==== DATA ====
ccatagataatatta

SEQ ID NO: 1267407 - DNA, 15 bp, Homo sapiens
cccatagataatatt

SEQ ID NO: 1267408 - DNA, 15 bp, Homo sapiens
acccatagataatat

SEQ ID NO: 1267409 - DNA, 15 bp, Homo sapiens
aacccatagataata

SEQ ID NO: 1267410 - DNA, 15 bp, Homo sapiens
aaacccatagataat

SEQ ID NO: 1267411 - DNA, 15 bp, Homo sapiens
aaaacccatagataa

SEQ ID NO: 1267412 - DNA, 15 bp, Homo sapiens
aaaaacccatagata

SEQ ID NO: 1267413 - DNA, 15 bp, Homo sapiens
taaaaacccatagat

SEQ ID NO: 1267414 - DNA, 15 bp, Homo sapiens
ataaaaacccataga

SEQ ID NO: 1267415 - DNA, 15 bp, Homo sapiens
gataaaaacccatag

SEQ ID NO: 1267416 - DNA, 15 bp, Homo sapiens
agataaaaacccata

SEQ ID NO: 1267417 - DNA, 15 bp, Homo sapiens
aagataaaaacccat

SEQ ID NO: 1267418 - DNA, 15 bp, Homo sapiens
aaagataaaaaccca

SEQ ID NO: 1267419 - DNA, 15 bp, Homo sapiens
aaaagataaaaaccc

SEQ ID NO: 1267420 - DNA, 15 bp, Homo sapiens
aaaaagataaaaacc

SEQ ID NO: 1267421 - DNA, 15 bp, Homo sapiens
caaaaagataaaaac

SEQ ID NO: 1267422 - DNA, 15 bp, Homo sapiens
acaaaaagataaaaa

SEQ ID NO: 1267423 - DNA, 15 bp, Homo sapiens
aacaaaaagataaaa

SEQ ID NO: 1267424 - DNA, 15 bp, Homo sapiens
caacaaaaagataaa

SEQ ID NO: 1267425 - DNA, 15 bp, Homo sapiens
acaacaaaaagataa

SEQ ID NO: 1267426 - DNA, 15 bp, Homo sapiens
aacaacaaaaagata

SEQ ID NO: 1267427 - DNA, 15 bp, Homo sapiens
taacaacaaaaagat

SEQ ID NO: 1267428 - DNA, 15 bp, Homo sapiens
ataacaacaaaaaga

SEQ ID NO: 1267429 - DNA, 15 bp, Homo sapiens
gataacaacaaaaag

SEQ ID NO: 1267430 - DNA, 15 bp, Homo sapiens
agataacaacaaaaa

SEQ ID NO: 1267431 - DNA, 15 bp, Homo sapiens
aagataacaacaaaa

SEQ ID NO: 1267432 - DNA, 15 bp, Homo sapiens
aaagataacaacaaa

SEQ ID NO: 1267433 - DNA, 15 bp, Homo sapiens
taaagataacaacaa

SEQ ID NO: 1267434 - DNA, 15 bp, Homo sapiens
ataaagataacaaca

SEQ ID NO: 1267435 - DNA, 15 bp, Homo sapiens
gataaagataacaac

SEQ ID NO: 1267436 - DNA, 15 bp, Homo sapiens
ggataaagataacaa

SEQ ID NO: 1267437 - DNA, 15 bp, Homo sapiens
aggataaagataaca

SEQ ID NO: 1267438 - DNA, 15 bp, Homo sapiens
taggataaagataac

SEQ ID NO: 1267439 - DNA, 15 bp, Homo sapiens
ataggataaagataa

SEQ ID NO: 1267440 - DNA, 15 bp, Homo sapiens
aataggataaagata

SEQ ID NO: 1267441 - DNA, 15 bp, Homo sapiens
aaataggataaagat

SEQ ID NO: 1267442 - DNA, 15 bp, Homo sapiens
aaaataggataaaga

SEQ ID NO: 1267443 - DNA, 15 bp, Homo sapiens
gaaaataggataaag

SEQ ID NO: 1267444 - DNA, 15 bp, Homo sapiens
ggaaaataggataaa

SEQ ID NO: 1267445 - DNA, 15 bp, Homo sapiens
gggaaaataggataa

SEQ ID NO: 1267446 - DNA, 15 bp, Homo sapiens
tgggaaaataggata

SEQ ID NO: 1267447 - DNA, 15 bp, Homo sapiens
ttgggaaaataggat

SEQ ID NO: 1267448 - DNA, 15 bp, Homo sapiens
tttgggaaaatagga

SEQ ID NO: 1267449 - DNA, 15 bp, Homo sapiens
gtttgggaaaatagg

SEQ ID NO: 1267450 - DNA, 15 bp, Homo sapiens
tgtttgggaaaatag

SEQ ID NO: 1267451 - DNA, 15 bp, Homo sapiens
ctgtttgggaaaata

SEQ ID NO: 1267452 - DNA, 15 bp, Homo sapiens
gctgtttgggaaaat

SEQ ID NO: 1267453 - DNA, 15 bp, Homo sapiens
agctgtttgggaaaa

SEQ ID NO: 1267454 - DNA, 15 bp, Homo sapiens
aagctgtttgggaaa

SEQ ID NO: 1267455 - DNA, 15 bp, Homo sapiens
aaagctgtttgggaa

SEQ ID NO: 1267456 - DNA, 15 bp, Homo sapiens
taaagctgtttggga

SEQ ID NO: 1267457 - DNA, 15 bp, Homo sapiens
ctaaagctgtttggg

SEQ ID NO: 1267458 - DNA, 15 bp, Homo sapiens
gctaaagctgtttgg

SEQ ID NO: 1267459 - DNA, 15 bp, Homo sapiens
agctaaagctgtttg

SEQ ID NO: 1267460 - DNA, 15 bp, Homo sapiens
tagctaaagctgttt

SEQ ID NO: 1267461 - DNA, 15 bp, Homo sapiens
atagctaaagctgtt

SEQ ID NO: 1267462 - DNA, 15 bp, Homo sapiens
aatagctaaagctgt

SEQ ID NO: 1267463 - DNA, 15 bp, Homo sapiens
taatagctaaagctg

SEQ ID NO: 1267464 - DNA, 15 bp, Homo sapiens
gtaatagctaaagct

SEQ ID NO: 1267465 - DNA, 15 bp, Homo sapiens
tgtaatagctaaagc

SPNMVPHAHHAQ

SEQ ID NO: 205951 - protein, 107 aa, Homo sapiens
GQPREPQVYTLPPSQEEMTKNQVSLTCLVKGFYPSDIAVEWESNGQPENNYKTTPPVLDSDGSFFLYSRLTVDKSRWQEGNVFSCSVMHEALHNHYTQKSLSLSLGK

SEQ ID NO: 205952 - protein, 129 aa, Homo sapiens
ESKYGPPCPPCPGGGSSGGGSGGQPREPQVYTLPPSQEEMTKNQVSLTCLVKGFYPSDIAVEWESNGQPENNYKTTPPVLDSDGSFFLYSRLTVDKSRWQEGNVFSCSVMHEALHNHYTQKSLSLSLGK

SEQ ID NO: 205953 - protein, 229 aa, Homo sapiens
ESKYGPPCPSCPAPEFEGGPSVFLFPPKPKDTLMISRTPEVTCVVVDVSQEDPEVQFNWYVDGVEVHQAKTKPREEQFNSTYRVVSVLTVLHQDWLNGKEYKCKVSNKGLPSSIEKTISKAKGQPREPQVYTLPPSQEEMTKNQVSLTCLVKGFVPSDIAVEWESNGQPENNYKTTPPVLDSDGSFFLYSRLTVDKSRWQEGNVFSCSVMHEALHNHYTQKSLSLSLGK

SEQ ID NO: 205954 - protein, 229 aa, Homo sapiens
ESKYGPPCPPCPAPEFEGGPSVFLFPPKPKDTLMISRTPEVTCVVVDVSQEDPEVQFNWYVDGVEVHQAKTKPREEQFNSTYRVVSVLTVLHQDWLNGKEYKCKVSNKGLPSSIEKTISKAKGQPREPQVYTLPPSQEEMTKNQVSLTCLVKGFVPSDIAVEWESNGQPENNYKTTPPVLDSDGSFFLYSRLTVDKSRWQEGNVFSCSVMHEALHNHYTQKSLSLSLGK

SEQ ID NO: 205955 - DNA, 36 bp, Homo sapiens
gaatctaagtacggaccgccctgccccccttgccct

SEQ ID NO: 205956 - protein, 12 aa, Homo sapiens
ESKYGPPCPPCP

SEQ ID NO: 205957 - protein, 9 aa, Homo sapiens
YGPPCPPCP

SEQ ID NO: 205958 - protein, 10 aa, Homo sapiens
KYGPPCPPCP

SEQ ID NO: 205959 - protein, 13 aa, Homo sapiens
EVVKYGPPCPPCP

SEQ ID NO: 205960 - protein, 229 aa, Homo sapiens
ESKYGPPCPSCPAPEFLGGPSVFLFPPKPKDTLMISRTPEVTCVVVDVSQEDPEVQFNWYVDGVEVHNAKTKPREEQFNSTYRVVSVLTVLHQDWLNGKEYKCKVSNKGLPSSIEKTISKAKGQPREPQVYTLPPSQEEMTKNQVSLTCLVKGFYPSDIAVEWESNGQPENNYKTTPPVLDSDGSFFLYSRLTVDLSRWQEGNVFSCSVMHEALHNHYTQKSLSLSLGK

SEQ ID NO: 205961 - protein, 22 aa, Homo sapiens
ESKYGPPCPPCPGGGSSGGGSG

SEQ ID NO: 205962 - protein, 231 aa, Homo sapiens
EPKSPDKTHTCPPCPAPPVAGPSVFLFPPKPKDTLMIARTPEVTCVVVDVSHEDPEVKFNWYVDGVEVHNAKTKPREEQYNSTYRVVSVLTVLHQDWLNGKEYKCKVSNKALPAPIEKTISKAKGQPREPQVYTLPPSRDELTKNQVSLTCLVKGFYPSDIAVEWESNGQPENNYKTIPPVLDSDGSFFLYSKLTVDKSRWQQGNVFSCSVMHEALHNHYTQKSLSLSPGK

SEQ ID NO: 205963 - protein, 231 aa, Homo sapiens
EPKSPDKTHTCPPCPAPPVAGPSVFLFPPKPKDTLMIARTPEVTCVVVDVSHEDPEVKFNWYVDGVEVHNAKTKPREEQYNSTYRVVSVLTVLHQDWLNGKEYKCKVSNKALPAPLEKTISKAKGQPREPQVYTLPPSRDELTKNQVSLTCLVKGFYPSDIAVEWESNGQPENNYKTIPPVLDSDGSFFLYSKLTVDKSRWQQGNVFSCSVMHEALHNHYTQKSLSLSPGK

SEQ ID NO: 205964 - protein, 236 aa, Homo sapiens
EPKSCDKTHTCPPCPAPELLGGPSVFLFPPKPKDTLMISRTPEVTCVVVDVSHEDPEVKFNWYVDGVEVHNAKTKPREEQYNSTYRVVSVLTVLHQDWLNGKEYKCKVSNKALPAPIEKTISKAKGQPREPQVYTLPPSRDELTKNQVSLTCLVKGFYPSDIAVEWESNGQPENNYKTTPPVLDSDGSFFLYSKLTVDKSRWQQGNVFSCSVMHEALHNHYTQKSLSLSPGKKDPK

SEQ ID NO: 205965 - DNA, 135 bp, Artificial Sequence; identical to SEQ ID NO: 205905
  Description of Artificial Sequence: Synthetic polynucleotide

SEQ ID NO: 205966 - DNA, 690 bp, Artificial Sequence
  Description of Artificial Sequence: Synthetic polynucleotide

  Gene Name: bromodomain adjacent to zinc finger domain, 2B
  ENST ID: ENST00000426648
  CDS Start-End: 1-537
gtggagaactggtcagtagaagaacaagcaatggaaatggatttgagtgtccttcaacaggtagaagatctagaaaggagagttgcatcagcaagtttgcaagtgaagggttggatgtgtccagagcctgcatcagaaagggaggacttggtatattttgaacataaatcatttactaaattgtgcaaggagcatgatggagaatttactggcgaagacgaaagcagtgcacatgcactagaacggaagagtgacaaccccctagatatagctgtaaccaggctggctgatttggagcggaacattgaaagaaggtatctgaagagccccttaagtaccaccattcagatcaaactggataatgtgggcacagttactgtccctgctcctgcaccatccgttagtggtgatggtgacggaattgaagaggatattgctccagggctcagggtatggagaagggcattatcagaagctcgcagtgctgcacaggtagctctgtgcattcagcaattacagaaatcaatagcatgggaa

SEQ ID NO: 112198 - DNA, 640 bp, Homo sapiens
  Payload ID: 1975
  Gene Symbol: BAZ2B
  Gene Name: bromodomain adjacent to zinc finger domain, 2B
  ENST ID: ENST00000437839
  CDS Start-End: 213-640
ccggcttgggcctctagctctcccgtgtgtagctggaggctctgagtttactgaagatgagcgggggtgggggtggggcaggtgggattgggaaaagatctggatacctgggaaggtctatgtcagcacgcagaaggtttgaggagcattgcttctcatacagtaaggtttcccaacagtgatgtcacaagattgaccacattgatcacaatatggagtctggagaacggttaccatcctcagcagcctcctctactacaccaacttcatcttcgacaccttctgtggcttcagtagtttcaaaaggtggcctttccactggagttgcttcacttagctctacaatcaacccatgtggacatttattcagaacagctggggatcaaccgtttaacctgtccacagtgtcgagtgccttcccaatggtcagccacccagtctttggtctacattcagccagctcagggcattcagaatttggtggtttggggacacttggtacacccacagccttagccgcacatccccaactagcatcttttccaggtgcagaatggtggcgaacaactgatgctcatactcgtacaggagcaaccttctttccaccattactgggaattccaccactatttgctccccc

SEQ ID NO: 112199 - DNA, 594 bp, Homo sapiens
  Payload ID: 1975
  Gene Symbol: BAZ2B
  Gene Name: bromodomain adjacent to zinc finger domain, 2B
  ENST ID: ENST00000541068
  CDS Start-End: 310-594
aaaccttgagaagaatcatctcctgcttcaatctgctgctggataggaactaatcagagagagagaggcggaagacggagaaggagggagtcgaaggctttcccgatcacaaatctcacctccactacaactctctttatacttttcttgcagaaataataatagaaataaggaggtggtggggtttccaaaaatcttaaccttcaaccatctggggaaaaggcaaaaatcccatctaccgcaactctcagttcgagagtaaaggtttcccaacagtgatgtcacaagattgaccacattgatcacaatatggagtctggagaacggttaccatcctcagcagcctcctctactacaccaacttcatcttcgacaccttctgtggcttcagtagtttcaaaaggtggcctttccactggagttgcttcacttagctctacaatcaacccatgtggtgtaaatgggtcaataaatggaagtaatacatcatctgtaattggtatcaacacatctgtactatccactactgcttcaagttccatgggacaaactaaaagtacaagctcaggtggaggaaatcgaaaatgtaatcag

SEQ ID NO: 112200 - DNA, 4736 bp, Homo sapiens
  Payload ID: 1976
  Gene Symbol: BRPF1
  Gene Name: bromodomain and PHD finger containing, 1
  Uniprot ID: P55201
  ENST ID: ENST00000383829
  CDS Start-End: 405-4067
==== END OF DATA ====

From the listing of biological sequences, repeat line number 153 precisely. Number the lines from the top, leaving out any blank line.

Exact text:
  Gene Name: bromodomain adjacent to zinc finger domain, 2B